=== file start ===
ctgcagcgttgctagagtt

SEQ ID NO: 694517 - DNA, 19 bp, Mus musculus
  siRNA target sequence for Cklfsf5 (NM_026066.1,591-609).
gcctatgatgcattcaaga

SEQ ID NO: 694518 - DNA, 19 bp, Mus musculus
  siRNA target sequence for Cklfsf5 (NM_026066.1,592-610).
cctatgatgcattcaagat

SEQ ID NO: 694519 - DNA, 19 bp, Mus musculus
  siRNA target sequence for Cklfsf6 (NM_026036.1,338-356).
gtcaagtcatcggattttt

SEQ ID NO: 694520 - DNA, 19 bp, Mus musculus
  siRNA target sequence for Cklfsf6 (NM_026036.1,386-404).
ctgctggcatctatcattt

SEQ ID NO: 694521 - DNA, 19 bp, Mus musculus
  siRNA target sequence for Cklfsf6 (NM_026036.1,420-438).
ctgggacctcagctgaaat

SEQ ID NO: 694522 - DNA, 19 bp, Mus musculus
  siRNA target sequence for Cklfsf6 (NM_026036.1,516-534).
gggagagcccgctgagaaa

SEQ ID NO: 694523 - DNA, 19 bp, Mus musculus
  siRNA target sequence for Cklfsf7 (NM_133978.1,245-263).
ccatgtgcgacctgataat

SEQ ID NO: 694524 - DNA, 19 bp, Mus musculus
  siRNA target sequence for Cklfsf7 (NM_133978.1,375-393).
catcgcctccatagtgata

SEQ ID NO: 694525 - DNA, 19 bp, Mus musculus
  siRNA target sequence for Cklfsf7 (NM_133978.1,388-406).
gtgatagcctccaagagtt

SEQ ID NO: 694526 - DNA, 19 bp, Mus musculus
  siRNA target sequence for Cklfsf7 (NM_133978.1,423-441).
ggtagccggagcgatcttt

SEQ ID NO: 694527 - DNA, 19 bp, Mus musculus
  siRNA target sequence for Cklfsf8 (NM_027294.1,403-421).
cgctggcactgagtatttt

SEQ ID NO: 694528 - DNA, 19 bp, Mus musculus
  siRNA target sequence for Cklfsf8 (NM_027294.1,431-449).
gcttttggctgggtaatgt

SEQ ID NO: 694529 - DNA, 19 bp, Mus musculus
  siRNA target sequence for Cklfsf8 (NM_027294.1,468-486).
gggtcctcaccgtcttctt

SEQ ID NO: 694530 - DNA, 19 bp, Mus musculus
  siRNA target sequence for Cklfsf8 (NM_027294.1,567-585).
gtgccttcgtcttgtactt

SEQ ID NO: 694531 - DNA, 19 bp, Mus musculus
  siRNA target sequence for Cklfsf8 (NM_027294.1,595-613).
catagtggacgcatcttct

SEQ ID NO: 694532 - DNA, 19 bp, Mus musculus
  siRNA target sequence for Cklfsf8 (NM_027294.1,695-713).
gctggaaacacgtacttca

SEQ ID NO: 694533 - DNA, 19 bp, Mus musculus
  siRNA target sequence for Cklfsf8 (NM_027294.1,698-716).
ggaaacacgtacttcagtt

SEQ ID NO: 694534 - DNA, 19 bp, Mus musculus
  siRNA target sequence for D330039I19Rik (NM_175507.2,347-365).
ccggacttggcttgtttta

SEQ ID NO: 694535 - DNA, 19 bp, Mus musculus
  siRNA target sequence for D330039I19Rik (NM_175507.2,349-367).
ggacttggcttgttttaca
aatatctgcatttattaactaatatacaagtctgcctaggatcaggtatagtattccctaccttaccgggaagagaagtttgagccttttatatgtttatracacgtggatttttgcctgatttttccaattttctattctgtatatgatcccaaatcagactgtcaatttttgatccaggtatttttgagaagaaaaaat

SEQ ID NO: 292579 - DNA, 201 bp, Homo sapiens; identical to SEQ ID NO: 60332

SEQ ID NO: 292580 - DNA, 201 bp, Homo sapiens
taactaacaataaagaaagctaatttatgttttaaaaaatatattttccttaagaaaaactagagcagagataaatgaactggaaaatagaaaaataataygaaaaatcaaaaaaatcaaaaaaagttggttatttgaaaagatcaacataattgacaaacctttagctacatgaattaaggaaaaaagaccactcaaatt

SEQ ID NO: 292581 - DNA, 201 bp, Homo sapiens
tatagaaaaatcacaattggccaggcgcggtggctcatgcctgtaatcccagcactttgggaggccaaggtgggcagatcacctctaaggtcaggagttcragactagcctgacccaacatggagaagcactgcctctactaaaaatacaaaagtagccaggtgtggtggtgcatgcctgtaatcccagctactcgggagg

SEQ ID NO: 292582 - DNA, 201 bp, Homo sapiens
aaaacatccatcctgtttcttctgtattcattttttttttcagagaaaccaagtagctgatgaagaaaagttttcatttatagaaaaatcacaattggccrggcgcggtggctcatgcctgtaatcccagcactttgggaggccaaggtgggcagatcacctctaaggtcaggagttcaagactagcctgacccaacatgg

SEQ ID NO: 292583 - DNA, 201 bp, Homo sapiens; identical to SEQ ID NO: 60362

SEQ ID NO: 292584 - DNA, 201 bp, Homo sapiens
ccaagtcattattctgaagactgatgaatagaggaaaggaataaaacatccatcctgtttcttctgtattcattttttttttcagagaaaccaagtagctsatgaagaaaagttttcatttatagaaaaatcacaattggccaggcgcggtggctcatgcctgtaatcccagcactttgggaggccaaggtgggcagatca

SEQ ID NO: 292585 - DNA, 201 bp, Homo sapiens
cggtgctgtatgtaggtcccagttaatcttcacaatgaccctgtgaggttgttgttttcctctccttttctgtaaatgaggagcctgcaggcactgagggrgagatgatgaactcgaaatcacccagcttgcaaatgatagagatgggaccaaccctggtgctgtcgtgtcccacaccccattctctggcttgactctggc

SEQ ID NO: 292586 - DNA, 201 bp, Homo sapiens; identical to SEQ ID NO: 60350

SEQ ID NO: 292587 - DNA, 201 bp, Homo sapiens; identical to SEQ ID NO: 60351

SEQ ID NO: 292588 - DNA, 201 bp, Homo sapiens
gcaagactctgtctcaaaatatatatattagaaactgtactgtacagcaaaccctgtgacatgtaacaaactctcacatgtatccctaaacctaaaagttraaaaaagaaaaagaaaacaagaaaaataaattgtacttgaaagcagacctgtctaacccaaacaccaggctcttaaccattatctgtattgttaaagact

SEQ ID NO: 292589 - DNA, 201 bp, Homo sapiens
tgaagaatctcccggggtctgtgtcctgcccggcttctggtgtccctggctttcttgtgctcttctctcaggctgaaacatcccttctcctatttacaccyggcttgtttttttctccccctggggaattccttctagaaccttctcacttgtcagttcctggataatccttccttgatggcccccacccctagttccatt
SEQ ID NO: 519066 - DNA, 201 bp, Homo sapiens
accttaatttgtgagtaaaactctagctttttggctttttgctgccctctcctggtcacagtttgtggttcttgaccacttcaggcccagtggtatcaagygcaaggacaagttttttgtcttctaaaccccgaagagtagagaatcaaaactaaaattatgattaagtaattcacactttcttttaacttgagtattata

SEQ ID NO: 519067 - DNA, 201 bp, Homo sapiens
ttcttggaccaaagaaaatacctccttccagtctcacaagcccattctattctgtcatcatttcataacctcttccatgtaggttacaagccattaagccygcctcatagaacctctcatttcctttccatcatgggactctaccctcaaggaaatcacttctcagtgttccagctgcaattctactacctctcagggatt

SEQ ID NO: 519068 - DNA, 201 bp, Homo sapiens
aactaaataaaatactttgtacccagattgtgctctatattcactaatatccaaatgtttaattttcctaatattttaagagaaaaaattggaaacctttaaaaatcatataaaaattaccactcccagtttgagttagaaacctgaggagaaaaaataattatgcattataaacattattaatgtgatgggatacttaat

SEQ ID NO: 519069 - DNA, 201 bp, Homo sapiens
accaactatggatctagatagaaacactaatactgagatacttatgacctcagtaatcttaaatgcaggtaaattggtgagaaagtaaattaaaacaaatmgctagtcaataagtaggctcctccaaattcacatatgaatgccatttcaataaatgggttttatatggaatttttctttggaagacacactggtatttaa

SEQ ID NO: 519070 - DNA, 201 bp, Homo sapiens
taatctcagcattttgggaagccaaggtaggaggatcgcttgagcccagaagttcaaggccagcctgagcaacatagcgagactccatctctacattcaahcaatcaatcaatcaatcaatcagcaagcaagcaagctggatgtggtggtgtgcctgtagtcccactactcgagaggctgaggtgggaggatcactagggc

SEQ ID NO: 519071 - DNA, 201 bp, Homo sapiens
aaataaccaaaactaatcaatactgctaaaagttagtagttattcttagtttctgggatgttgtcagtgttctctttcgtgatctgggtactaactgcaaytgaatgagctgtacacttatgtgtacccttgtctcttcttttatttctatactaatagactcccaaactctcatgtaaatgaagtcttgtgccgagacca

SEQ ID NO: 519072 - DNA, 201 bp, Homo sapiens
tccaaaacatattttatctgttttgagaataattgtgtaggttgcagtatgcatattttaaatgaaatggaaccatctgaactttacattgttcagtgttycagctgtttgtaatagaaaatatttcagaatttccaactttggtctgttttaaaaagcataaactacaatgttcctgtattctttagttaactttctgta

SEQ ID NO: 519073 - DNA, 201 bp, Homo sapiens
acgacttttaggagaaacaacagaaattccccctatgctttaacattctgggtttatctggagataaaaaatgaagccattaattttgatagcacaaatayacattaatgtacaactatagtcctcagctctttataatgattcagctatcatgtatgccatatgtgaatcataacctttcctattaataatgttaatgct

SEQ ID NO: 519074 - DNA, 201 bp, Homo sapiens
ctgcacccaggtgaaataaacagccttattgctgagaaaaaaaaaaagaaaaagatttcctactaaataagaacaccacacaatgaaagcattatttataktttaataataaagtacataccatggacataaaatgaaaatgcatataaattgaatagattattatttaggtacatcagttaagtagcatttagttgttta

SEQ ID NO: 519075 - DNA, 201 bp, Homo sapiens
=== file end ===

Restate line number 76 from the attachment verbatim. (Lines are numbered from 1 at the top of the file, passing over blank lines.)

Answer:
SEQ ID NO: 292589 - DNA, 201 bp, Homo sapiens